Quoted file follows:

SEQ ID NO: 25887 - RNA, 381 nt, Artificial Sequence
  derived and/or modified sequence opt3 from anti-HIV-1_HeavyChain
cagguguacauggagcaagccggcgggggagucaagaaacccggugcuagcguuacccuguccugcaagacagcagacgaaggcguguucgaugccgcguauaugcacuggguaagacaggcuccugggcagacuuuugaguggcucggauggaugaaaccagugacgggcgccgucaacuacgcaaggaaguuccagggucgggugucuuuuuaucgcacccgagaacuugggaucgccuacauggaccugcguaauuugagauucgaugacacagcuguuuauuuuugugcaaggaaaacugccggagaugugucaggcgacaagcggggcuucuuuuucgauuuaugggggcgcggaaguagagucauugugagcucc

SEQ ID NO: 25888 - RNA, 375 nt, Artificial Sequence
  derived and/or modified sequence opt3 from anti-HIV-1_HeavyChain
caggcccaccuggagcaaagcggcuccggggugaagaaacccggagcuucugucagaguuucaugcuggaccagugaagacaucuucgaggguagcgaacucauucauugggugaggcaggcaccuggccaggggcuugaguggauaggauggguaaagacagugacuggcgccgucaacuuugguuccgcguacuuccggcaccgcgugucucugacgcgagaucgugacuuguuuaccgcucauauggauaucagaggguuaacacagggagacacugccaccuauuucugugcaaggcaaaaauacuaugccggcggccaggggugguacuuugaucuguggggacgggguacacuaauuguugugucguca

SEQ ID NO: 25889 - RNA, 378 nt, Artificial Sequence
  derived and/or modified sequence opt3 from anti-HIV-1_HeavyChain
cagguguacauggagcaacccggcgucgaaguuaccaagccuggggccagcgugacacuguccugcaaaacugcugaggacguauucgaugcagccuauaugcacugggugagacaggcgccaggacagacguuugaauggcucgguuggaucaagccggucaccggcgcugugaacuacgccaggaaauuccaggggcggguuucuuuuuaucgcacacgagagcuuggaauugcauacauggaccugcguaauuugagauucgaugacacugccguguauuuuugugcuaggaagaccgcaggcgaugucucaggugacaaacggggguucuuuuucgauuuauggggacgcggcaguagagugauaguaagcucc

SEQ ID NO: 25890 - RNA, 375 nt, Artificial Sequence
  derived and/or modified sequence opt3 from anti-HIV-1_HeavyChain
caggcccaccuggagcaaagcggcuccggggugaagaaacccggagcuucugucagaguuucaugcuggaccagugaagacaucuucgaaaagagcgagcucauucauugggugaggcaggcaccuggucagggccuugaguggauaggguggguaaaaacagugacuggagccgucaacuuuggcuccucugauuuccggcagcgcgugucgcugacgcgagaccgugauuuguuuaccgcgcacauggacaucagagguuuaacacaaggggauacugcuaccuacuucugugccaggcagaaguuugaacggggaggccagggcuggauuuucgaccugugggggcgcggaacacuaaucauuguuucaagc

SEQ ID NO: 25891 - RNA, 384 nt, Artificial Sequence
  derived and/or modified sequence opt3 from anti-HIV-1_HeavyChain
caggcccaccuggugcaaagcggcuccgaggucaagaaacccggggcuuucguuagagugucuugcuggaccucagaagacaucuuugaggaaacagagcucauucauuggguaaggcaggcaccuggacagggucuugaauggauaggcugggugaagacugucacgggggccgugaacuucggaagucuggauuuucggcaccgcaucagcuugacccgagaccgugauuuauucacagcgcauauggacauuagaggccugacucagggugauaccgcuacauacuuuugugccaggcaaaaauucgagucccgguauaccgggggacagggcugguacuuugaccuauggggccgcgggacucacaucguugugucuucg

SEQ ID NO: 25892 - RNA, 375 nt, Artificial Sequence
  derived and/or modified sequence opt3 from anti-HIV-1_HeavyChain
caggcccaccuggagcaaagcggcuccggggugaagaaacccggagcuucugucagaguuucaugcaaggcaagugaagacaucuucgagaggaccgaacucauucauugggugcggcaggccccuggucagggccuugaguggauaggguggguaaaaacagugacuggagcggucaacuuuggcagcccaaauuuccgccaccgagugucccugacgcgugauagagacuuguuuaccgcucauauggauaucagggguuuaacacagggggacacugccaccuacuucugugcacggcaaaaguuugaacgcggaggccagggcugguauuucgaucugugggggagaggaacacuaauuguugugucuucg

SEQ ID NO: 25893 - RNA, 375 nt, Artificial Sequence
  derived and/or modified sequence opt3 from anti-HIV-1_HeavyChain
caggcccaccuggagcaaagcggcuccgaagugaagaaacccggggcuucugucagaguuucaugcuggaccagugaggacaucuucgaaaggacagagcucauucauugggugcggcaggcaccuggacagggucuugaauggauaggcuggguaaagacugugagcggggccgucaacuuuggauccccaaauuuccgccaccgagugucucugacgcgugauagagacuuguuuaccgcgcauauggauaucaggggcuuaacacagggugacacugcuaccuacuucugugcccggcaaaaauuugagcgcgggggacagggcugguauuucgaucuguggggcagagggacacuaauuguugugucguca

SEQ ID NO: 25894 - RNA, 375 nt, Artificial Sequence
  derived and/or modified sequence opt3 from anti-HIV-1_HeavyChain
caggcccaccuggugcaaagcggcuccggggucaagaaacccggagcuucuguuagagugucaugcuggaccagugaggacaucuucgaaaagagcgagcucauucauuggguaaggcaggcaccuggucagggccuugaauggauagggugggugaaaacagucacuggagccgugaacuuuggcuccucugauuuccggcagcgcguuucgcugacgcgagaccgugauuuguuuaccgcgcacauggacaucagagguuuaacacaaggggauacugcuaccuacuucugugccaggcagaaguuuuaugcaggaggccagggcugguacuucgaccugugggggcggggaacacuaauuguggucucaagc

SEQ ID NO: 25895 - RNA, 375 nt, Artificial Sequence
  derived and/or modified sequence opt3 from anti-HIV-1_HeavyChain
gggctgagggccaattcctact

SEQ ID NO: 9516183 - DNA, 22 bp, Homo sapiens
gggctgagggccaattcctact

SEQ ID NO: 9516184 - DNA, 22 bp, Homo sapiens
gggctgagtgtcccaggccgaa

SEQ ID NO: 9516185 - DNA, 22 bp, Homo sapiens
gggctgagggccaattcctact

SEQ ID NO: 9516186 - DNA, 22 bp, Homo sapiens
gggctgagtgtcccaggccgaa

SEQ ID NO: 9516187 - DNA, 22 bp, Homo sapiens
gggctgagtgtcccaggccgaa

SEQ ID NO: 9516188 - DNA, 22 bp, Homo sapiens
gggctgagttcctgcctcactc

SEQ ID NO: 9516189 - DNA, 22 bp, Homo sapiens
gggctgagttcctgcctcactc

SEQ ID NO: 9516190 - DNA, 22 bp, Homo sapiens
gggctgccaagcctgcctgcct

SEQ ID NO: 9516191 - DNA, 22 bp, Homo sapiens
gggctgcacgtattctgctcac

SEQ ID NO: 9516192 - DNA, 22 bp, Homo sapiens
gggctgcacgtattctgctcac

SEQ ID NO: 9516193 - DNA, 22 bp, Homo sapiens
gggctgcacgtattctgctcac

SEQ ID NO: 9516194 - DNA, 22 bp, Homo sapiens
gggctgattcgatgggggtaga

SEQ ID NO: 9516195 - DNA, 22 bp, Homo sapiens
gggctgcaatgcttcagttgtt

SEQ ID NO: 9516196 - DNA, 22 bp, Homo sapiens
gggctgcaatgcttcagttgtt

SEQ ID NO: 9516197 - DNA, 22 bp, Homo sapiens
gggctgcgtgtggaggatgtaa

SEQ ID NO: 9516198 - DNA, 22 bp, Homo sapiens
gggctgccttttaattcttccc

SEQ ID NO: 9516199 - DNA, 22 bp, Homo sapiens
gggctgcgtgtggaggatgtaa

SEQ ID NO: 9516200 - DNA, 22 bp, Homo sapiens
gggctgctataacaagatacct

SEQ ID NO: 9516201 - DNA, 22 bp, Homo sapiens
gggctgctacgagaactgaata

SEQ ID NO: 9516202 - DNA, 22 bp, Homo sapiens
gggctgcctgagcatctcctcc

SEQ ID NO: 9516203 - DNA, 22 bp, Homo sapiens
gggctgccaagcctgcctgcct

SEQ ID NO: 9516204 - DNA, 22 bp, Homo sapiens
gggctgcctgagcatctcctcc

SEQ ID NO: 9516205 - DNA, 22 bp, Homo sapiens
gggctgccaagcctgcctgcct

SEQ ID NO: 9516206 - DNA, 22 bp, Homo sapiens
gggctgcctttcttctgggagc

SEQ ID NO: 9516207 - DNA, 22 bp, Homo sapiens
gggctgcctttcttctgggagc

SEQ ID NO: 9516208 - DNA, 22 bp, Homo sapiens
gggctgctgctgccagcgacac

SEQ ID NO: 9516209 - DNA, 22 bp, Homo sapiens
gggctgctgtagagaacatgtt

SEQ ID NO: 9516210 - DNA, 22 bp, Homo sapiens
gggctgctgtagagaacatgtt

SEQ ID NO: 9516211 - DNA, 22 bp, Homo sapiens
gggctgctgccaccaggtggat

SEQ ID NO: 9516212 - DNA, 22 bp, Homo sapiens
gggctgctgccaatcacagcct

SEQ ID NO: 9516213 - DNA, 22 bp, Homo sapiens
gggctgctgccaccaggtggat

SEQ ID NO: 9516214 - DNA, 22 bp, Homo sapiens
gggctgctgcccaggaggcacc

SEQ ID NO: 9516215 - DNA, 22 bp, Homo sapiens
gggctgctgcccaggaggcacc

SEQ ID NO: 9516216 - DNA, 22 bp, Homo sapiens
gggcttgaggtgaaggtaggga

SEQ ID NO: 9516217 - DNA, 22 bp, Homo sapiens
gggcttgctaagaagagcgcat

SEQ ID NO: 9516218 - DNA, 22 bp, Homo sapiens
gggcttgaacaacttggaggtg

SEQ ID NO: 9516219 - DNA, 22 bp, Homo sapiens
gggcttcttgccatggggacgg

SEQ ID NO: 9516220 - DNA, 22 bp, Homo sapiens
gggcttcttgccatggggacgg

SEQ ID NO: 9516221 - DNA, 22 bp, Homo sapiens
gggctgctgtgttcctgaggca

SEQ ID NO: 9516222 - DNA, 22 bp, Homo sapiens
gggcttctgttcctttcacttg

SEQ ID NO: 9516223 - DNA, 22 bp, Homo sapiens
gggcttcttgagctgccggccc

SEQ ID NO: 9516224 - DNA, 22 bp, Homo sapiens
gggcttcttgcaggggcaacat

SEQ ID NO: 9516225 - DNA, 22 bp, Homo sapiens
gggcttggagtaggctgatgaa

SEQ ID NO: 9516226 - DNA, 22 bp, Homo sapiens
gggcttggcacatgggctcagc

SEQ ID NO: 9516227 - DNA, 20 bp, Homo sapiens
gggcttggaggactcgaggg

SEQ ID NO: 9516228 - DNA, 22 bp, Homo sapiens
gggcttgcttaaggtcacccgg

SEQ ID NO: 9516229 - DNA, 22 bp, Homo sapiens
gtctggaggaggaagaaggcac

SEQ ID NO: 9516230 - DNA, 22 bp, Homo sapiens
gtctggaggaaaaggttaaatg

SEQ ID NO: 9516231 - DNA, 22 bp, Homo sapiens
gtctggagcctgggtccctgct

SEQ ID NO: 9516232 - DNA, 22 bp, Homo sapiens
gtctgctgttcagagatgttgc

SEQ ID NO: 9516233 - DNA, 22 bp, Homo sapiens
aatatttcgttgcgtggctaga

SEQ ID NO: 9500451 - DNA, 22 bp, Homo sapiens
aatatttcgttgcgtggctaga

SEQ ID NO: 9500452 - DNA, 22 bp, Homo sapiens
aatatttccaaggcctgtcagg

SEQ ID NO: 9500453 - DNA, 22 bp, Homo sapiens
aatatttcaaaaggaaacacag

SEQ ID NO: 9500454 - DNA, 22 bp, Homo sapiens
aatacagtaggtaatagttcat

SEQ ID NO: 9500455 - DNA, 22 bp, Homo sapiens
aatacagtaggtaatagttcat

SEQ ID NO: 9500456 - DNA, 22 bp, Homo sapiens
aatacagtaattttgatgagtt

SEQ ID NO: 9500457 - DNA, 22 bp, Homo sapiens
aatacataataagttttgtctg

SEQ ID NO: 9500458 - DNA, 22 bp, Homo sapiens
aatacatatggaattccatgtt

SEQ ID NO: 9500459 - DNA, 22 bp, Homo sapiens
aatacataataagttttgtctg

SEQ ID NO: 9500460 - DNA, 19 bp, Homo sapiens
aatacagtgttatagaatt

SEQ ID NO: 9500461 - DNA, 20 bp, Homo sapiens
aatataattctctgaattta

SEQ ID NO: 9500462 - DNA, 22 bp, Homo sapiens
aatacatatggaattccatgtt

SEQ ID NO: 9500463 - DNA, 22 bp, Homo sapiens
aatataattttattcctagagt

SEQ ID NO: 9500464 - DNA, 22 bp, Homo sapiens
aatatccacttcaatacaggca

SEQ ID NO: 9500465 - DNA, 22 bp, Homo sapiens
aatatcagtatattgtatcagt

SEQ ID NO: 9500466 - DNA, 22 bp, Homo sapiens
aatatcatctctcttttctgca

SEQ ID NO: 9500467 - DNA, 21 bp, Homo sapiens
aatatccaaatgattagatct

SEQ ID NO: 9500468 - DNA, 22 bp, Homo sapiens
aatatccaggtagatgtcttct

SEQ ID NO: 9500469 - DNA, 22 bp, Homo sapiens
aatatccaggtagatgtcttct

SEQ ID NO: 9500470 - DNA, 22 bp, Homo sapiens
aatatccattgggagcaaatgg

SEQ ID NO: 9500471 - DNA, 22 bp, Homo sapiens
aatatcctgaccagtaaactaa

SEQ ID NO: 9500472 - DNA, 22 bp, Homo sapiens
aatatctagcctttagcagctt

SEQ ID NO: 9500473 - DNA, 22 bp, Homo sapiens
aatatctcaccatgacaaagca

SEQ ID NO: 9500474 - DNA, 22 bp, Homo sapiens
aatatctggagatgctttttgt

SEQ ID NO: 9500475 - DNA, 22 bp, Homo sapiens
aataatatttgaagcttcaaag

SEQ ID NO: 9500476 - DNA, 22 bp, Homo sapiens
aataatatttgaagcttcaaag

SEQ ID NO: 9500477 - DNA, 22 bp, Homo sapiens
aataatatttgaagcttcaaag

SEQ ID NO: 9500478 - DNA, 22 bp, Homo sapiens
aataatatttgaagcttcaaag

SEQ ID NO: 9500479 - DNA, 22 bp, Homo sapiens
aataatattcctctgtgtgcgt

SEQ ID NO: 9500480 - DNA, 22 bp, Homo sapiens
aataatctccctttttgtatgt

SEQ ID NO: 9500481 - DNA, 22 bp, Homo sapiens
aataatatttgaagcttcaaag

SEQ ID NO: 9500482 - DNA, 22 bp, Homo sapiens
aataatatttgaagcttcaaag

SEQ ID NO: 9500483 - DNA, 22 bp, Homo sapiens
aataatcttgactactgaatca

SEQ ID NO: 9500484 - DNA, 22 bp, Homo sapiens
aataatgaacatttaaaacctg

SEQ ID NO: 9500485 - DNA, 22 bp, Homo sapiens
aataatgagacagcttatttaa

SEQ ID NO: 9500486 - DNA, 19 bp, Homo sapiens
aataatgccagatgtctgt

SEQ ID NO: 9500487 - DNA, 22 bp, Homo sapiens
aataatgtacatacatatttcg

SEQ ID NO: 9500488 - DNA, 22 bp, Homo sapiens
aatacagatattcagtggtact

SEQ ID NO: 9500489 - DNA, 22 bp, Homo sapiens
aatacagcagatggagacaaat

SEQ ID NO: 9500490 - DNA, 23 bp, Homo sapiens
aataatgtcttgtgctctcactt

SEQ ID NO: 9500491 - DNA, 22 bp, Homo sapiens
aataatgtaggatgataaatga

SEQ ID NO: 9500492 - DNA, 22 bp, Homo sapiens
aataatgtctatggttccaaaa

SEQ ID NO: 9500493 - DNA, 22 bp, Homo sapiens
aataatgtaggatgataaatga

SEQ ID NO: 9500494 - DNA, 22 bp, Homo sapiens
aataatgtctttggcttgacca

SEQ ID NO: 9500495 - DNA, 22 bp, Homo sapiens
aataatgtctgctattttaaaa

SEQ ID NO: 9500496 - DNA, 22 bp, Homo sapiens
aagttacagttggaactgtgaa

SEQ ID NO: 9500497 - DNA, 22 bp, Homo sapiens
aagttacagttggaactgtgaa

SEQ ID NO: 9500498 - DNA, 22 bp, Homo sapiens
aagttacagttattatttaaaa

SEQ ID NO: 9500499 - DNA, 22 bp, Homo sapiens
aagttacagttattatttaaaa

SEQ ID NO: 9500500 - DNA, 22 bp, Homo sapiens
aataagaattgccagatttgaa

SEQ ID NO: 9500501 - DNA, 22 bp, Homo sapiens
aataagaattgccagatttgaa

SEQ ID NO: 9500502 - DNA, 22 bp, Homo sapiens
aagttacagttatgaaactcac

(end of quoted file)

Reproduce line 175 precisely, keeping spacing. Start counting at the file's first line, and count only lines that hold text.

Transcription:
aatatctcaccatgacaaagca